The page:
For most of us, more of our waking hours are spent at work than anywhere else. In fact, the average American spends approximately 100,000 hours at work over the course of his or her lifetime. That stat alone is a pretty sobering reminder about just how important it is to be happy at work.
The novelty and excitement of starting a business tends to wear off after the first year, as we become focused on the less-than-optimal aspects of running a business. However, there are some simple things you can do to change this mindset and have a more positive outlook at work this summer:
1. Make Time to Exercise
You’ve probably heard that exercise can reduce stress, improve your mood and increase your mental focus. Physical activity helps your body pump out more of those feel-good neurotransmitters, known as endorphins. Yet with today’s busy schedule, getting to the gym often slips further down the to-do list. No matter how hectic your schedule gets this summer, make time for your favorite kind of exercise. Treat a trip to the gym (or pick-up basketball game, bike ride, swim, etc.) just as you would an important meeting for work. Schedule it into your smartphone and stay committed.
2. Take Control of Your Time
Time management isn’t necessarily about downloading the latest calendar app. For most of us, good time management is more an issue with prioritization than organization. It’s hard to feel happy and satisfied at work when you’re constantly pulled in too many directions. Start each week and each day with your own set of goals for what should be accomplished, and then avoid letting busy work (such as instantly responding to a non-critical email) distract you from these priorities.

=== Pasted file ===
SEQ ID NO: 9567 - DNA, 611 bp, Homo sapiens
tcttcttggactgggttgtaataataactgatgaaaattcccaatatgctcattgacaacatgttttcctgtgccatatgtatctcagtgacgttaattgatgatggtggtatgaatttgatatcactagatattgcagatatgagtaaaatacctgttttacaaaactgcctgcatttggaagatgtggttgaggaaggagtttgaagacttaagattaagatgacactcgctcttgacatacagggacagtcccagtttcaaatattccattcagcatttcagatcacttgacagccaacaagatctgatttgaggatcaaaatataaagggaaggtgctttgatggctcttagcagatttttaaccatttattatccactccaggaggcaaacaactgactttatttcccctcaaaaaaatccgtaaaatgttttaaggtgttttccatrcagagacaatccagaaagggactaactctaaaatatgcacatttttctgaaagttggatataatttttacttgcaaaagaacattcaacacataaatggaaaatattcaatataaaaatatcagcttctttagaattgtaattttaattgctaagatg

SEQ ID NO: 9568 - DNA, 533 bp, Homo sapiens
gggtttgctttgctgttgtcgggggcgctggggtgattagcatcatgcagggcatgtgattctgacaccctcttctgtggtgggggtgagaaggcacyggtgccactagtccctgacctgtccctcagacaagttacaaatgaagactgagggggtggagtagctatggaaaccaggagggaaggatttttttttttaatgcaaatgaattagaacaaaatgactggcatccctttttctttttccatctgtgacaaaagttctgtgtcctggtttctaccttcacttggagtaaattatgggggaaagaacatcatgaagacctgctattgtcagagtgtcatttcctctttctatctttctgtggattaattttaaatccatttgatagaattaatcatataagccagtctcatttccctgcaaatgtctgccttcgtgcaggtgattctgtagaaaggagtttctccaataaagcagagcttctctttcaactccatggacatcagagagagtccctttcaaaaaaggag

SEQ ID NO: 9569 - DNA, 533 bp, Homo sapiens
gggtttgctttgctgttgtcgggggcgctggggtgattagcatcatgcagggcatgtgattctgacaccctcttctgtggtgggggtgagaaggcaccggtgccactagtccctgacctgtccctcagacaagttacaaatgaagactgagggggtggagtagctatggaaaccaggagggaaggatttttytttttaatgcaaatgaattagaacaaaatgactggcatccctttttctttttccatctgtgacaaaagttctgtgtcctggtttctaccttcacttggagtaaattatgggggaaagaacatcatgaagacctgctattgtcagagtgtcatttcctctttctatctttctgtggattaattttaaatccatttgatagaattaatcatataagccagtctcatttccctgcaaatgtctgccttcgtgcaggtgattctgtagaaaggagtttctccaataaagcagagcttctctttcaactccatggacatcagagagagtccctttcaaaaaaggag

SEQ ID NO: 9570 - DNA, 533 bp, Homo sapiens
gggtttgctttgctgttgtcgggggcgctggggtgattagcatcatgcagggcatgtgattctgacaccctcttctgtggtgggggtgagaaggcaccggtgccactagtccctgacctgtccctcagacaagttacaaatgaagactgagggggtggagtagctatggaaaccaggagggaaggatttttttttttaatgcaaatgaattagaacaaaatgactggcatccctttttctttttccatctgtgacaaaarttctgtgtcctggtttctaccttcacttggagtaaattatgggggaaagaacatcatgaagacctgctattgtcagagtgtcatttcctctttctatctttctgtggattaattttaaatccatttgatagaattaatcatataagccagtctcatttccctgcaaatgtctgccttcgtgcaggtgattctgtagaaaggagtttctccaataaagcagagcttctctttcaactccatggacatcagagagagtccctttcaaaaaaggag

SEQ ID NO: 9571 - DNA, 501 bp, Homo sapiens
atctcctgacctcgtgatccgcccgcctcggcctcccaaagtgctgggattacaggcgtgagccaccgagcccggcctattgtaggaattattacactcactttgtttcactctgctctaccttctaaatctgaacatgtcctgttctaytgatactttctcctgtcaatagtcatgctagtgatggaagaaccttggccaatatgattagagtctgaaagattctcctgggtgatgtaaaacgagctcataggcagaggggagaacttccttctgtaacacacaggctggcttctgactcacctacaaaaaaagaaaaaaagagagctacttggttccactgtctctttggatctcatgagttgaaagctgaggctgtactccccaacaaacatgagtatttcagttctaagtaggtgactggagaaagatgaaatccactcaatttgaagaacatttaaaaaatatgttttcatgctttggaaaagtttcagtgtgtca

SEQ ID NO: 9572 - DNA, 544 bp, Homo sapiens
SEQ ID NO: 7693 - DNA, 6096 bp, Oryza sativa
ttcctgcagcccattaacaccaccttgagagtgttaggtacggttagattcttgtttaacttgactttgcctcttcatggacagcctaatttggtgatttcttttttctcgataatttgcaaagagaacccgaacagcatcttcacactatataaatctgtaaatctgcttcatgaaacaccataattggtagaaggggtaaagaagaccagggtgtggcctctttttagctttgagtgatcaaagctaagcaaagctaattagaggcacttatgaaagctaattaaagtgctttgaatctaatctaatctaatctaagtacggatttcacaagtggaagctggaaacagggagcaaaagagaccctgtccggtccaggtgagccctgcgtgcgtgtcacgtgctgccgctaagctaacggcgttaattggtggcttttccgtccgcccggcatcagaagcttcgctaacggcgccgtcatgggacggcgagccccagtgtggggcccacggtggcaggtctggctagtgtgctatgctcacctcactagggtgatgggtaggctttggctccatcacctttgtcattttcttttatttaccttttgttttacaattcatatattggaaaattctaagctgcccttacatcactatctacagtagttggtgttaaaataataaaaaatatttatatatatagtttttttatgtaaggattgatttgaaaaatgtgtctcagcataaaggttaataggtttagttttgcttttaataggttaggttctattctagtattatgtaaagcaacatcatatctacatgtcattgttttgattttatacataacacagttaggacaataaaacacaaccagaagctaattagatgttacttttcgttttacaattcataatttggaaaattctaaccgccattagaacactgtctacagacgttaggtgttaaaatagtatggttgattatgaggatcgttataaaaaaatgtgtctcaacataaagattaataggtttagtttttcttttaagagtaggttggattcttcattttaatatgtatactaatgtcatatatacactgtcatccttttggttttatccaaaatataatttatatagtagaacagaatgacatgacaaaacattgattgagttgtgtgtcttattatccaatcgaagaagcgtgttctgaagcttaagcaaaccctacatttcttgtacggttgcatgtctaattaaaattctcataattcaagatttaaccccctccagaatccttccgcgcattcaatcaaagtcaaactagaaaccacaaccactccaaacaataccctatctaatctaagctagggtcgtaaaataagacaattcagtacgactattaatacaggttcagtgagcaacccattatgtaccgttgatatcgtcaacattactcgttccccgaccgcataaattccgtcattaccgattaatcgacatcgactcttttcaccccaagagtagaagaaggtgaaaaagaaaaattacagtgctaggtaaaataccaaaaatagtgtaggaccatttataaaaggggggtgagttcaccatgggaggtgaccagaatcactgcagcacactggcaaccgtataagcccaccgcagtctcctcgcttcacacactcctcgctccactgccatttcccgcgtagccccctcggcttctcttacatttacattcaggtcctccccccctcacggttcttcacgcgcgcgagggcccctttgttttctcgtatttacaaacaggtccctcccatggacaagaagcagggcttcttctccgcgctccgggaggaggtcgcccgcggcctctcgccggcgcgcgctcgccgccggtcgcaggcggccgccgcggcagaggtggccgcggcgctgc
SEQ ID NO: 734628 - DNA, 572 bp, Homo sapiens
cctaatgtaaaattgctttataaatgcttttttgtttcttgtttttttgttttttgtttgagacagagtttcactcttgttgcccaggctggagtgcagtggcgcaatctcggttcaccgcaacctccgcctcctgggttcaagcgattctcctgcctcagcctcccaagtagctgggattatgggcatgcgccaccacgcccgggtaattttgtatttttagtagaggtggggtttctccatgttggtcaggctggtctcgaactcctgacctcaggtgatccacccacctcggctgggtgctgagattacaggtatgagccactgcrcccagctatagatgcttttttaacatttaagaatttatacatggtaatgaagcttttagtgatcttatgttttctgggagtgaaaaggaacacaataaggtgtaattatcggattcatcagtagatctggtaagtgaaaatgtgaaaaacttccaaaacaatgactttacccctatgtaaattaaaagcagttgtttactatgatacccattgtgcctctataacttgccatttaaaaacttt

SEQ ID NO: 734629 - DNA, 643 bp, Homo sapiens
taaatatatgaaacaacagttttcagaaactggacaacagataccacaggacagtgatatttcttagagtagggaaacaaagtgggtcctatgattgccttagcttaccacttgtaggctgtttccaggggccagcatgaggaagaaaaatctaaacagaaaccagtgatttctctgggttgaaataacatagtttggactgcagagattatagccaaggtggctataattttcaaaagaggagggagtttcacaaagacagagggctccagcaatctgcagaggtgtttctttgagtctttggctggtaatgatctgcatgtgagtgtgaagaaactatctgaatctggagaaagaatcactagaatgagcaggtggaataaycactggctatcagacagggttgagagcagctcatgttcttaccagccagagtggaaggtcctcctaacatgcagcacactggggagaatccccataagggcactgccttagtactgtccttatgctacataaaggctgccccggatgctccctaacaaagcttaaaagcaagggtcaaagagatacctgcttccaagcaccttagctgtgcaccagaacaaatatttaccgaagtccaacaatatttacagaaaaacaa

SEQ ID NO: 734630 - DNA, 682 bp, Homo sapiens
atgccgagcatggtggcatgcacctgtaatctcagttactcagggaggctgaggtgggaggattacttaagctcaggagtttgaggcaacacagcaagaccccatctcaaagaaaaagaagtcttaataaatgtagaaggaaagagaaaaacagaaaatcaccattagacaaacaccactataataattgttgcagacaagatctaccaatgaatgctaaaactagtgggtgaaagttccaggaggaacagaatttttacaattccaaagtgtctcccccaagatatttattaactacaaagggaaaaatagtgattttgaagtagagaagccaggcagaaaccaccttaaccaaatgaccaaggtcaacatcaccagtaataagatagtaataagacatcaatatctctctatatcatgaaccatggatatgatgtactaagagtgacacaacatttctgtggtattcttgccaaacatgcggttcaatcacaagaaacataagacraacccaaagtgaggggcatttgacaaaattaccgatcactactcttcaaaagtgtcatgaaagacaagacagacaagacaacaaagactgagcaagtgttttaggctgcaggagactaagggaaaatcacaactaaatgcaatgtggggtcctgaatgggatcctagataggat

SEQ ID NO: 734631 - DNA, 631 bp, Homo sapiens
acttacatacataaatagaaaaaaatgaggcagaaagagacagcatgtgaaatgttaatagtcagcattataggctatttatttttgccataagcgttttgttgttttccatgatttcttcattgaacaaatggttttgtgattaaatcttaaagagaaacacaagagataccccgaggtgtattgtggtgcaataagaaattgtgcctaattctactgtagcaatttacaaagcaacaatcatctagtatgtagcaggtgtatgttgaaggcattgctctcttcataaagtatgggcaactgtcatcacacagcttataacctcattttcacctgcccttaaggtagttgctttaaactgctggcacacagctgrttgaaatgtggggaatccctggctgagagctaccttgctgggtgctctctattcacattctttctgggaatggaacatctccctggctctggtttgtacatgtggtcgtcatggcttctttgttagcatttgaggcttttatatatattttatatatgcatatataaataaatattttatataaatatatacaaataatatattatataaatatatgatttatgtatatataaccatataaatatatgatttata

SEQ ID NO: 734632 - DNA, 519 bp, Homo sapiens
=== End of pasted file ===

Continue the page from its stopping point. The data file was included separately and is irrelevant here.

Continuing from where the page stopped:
There will always be more tasks than available time, so the key is to fill your work hours with the important things, and you’ll naturally have less time for the busy work. In some cases, this means setting clear expectations for you and your team. Saying "no" may not come naturally to everyone, but you’ll be happier and healthier if you manage your time on your own terms.
3. Appreciate Others
Numerous studies demonstrate the effects of gratitude on mood and overall well-being. For example, one study divided college students into groups where each group was asked to either write down experiences for which they were grateful or annoyed. The “grateful” group reported significantly greater life satisfaction and greater optimism for the upcoming week.
When you feel particularly stressed or over-extended, try to remember the hard work of a colleague or employee. Praise someone else (in a casual way—for example, "you had a great idea in the project meeting") and you’ll most likely both get a small boost in mood and motivation.
4. Challenge Yourself
Boredom is one of the biggest obstacles to job satisfaction. After a year or so of coming in to work and doing the same thing, we get stuck in a rut. Get some of that startup enthusiasm back by doing things differently, challenging yourself and making an effort to learn something new this summer. We tend to be happiest when we’re working right at the limits of our abilities.
5. Start Something Outside of Work
An interesting article explains that the route toward happiness at work is to create something outside of work, such as a new company or side project. While that might seem counterintuitive, it actually makes a lot of sense. The enthusiasm for your outside project will carry over into the workday. You’ll find that the inevitable workplace annoyances won’t seem as significant. Any progress in the side project will fuel you with a greater sense of accomplishment and confidence.
In addition, a side venture might just be the start you need to find your next great business (and it can even sometimes help you lower your overall tax obligations).
6. When All Else Fails, Smile
A nice big smile can actually trick your brain’s neurotransmitters into thinking you’re happy. When things are particularly grueling, try smiling for 10 seconds, and your negative thoughts should dissipate.
What are your pick-me-up tricks to be happier at work?
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Photos from top: Getty Images, Thinkstock